But Turkana has not yet exported any oil and so hasn’t received any money for it, Rosemary Nchinyei, the county’s director of communication, told Africa Check.

A pilot scheme was launched in June 2018 to truck oil from the county to the port of Mombasa for storage in preparation for early exports in 2019.

Does Kericho ‘get nothing’ from tea?

Kericho county has received close to KSh80 million from tea cess in recent years. “Cess” is defined as a “a levy on tradable agricultural produce”:

The national government collected the ad valorem levy from the county’s tea exporters at a rate of 10% of the tea’s value, the agriculture authority’s interim director, Anthony Muriithi, told Africa Check. The levy was scrapped in 2016.

The KSh6.96 million received in 2016/17 was arrears collected in 2012 under a law that has since been repealed, he said.

“Currently, the national government does not collect or levy any cess from tea,” Muriithi said. “But the constitution allows county governments to impose taxes, including cess, in their jurisdiction so long as they enact the necessary legislations.”  

Since 2014, Kericho has been levying agricultural cess on transporters of tea, but Africa Check has been unable to verify the amount collected so far. (Note: The county collected KSh253.4 million as own revenue in the financial year 2016/17.)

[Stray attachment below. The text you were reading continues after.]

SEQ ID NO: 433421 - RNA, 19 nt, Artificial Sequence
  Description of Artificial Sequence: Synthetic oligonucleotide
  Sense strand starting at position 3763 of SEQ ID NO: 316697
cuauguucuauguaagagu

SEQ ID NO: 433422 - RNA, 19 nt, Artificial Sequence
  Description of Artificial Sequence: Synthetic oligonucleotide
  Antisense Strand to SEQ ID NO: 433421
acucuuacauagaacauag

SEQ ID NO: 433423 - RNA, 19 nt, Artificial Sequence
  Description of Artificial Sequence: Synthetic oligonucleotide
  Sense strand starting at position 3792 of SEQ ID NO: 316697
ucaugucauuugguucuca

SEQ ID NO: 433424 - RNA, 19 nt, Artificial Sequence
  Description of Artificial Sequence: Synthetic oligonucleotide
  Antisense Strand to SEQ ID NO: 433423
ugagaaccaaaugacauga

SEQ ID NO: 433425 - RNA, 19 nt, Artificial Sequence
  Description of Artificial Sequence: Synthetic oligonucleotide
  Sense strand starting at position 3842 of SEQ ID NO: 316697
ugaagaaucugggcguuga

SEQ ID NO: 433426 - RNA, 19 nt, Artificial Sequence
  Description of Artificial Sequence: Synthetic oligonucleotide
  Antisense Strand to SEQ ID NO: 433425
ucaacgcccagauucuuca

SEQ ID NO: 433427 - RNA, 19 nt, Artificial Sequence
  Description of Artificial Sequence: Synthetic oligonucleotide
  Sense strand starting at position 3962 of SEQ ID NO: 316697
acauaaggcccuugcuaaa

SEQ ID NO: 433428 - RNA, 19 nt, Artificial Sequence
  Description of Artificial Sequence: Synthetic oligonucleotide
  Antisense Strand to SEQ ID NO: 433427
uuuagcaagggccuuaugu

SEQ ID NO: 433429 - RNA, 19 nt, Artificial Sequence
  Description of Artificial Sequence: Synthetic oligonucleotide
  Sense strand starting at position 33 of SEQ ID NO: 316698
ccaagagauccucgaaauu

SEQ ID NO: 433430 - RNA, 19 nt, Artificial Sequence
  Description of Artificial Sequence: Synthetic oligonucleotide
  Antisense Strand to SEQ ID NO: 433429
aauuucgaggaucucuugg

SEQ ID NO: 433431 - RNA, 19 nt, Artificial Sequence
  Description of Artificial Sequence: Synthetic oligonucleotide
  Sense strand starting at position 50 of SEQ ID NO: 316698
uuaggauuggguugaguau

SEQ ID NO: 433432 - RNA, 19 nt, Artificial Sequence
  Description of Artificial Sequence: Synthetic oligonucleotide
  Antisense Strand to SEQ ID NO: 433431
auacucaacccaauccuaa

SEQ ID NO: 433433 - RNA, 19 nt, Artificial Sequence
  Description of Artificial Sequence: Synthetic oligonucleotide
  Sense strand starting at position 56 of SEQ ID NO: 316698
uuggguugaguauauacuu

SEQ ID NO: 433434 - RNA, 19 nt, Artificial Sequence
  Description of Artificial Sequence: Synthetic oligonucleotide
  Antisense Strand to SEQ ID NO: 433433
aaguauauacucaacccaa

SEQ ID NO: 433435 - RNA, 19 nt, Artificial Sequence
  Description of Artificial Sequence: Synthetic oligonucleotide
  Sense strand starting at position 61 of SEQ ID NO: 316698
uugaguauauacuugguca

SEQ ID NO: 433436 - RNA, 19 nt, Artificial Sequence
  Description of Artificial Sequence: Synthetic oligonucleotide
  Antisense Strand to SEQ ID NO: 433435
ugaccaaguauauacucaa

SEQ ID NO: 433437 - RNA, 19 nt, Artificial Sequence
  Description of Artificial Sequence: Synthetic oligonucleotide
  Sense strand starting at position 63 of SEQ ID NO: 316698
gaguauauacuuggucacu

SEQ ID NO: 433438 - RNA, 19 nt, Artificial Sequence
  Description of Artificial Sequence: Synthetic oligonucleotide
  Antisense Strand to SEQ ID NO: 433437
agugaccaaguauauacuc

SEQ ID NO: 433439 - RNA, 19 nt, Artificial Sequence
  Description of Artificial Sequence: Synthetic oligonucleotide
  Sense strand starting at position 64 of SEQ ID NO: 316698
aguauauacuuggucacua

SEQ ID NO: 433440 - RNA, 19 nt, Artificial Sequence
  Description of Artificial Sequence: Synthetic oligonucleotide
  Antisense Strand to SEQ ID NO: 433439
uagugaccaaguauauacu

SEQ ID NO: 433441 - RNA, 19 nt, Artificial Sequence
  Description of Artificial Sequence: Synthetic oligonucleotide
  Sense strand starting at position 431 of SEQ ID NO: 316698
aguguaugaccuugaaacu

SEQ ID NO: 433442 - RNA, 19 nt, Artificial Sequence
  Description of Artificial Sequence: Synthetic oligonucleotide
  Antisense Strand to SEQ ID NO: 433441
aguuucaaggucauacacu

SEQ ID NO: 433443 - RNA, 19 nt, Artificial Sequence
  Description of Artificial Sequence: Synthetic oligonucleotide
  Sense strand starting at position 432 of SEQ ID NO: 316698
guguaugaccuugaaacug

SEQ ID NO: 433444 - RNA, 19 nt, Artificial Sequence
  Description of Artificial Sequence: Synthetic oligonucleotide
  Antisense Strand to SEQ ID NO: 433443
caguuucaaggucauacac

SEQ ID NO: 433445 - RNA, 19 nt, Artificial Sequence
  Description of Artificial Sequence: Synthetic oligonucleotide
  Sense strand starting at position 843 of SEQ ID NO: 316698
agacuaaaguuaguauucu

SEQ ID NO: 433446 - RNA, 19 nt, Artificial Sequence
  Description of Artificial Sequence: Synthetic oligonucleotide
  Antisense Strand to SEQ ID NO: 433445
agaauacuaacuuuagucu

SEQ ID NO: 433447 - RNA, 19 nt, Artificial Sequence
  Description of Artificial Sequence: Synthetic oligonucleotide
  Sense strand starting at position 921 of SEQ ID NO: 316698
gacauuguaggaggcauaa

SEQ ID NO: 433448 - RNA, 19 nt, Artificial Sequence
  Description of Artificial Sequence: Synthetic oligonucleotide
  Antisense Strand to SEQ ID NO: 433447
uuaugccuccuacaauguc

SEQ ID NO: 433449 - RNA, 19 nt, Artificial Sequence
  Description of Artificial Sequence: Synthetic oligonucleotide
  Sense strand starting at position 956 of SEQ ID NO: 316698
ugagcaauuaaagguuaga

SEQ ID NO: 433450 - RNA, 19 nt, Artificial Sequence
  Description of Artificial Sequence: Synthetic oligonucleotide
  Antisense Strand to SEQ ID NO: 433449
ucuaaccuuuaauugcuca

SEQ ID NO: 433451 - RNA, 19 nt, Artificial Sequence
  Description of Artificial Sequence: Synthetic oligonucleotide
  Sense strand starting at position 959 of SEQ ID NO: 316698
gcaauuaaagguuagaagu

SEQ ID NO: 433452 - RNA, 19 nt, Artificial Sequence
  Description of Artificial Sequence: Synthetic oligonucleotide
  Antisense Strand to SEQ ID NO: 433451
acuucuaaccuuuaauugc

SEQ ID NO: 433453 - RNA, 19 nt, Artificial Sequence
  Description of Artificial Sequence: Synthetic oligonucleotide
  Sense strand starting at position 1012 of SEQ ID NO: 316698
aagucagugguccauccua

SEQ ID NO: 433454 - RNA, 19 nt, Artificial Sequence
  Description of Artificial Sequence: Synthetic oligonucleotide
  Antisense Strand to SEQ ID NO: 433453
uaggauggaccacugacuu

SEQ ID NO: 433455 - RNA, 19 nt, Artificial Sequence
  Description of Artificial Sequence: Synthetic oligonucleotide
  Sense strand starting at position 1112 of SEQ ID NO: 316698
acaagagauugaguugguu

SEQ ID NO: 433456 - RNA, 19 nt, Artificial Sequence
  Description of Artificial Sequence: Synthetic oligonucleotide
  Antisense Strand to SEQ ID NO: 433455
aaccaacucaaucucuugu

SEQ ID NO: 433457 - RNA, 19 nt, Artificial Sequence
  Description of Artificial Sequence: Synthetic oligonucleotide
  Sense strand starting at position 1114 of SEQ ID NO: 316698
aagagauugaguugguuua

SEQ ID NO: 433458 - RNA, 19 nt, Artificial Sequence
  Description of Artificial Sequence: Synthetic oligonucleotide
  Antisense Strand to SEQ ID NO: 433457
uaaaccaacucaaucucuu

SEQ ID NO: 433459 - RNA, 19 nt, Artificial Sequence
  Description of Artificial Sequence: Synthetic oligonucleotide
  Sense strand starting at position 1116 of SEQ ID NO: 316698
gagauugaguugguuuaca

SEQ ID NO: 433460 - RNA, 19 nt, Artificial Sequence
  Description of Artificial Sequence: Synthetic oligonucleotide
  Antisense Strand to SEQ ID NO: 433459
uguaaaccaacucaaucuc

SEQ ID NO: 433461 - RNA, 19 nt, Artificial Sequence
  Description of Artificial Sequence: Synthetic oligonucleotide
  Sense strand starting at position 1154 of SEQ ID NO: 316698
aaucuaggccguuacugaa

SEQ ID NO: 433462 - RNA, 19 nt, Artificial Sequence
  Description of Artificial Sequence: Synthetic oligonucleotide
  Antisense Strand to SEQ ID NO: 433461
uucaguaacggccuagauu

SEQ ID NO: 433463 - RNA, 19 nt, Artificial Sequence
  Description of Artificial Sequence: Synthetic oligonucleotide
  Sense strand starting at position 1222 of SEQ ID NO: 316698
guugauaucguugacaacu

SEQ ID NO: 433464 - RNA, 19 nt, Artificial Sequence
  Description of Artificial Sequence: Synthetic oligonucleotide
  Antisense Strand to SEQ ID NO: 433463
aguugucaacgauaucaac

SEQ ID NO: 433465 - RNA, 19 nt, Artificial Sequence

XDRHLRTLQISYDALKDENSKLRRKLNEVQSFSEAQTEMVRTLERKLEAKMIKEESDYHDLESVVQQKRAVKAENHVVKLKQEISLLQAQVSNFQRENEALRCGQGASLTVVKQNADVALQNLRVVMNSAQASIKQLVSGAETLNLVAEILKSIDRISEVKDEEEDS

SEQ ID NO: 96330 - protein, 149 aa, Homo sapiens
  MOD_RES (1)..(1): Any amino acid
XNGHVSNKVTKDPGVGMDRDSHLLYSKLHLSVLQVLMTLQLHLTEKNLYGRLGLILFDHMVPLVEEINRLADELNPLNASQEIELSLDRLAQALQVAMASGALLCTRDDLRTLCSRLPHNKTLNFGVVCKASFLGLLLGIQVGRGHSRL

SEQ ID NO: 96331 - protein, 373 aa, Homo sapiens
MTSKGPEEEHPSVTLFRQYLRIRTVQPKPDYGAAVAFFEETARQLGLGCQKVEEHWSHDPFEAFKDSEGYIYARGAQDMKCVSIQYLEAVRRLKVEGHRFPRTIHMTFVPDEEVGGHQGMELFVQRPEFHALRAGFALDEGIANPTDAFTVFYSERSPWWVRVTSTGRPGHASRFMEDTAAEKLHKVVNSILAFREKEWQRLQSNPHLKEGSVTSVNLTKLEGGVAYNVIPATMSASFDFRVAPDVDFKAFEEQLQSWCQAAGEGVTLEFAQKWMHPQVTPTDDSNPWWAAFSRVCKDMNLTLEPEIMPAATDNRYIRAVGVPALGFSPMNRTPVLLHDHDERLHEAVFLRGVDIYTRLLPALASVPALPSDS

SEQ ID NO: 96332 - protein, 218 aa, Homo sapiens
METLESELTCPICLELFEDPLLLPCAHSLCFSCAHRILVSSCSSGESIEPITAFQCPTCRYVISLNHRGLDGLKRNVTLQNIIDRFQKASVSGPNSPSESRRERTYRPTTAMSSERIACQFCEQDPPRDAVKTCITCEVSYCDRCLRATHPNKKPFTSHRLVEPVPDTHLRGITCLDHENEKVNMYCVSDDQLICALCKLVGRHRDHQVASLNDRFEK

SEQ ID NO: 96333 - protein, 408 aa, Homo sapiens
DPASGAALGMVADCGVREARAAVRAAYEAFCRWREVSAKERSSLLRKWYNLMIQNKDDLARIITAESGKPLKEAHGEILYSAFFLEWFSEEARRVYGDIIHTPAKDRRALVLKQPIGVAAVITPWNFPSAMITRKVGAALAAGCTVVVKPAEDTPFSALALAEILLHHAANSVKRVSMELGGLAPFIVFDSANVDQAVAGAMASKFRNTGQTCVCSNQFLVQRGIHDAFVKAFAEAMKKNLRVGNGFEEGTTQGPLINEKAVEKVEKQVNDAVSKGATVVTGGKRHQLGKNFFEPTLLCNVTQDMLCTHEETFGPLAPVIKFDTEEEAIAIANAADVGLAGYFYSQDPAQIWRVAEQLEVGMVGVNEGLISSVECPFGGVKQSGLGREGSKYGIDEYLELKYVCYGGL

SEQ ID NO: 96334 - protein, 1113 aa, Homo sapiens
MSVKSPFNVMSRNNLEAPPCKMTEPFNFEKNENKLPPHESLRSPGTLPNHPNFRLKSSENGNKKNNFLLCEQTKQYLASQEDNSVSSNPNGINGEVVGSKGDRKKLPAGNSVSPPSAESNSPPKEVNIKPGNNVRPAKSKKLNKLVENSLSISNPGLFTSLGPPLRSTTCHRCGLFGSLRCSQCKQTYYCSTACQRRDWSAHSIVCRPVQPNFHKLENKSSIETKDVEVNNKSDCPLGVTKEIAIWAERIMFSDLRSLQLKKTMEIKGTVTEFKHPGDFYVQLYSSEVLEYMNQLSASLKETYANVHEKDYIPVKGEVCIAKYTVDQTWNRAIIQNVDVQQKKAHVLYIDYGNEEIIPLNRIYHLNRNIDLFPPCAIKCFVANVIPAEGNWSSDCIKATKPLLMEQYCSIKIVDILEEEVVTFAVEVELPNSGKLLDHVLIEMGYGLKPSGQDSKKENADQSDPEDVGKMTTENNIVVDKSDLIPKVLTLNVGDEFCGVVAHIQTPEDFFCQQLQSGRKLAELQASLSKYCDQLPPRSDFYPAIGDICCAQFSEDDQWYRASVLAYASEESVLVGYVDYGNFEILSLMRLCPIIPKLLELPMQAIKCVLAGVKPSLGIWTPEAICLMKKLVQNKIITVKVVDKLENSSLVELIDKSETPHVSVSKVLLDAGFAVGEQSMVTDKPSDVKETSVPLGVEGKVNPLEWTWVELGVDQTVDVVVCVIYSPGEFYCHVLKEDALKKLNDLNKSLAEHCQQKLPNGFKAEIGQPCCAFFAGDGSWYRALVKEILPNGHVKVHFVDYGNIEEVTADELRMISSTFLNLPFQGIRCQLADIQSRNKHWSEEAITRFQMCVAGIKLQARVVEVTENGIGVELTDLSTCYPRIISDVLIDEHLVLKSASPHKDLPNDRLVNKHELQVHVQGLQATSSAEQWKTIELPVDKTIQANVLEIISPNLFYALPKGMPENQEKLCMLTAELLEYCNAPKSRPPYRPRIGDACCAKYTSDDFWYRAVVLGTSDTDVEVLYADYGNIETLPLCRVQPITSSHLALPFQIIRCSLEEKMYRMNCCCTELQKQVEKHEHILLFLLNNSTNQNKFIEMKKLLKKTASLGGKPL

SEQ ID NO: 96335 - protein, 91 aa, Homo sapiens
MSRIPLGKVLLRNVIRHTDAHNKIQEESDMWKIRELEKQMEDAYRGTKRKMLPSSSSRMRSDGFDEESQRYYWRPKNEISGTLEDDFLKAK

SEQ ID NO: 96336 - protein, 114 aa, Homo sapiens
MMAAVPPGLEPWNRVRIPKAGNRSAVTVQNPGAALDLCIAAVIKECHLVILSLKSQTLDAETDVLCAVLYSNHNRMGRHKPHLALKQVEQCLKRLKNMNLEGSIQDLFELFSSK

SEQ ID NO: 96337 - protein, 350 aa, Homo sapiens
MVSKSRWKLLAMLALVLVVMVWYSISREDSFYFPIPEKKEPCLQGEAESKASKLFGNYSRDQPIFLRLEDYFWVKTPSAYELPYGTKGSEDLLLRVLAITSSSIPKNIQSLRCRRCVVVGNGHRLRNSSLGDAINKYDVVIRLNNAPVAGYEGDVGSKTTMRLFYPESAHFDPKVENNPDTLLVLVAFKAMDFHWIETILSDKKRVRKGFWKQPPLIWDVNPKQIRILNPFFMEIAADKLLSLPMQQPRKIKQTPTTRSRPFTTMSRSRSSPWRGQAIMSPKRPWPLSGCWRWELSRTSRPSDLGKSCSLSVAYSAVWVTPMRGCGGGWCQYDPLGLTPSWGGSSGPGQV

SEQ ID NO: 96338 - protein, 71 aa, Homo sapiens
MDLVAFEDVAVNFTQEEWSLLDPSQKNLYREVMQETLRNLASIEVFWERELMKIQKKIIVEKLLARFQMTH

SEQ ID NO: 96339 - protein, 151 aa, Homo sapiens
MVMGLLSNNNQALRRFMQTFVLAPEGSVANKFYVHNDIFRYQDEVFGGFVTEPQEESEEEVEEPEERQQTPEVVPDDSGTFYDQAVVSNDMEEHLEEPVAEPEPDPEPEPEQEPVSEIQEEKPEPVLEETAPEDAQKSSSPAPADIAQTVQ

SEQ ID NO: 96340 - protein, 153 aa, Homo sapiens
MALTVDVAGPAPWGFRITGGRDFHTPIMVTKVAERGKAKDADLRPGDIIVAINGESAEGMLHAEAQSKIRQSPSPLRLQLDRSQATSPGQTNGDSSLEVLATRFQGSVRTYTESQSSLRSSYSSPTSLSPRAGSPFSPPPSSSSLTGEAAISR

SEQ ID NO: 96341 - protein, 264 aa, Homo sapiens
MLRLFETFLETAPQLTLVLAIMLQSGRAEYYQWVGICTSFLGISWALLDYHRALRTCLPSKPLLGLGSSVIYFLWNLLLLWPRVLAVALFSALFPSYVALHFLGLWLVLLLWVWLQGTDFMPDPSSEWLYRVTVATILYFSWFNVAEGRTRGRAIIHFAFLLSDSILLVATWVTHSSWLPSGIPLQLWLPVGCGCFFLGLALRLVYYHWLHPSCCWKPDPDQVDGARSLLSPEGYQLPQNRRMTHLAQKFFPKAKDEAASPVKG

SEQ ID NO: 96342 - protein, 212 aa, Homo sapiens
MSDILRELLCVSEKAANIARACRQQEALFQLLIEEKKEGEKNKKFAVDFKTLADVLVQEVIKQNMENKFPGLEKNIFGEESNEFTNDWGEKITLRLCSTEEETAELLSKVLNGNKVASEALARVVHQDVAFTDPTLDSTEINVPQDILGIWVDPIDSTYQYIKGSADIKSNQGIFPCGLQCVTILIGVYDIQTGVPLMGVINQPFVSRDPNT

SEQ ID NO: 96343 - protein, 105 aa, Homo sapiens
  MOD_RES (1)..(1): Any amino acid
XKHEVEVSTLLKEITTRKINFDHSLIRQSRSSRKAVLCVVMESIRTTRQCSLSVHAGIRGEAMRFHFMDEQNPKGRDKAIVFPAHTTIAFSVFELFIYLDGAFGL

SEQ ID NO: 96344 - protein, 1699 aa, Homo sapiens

The county also published a tea bill in September 2016 that would give it power to collect further levies on tea when it becomes law.

National taxes are shared with counties

Kericho county has also indirectly earned revenue from its tea growers and processors.

“The national government, as of now, taxes the profits made by the corporations and companies that produce and process tea in Kericho,” Dr Amenya Nyakundi, an adviser on natural resources at the Commission on Revenue Allocation, told Africa Check.

The  commission makes proposals on how revenues should be shared between the national government and the counties.

Taxes collected by the national government do make their way back to the counties in an “equitable share”. Kericho received KSh5.2 billion of these taxes in the 2017/2018 financial year.

The Kericho governor had “a right to make and justify a petition to the national government to get a share of that tax revenue before it is consolidated with tax revenues from elsewhere”, Nyakundi said.

But if this were granted, other counties might also demand a share of their resources – leading to “serious national revenue sharing challenges”.

Conclusion: Kericho county has received levies and taxes from tea production.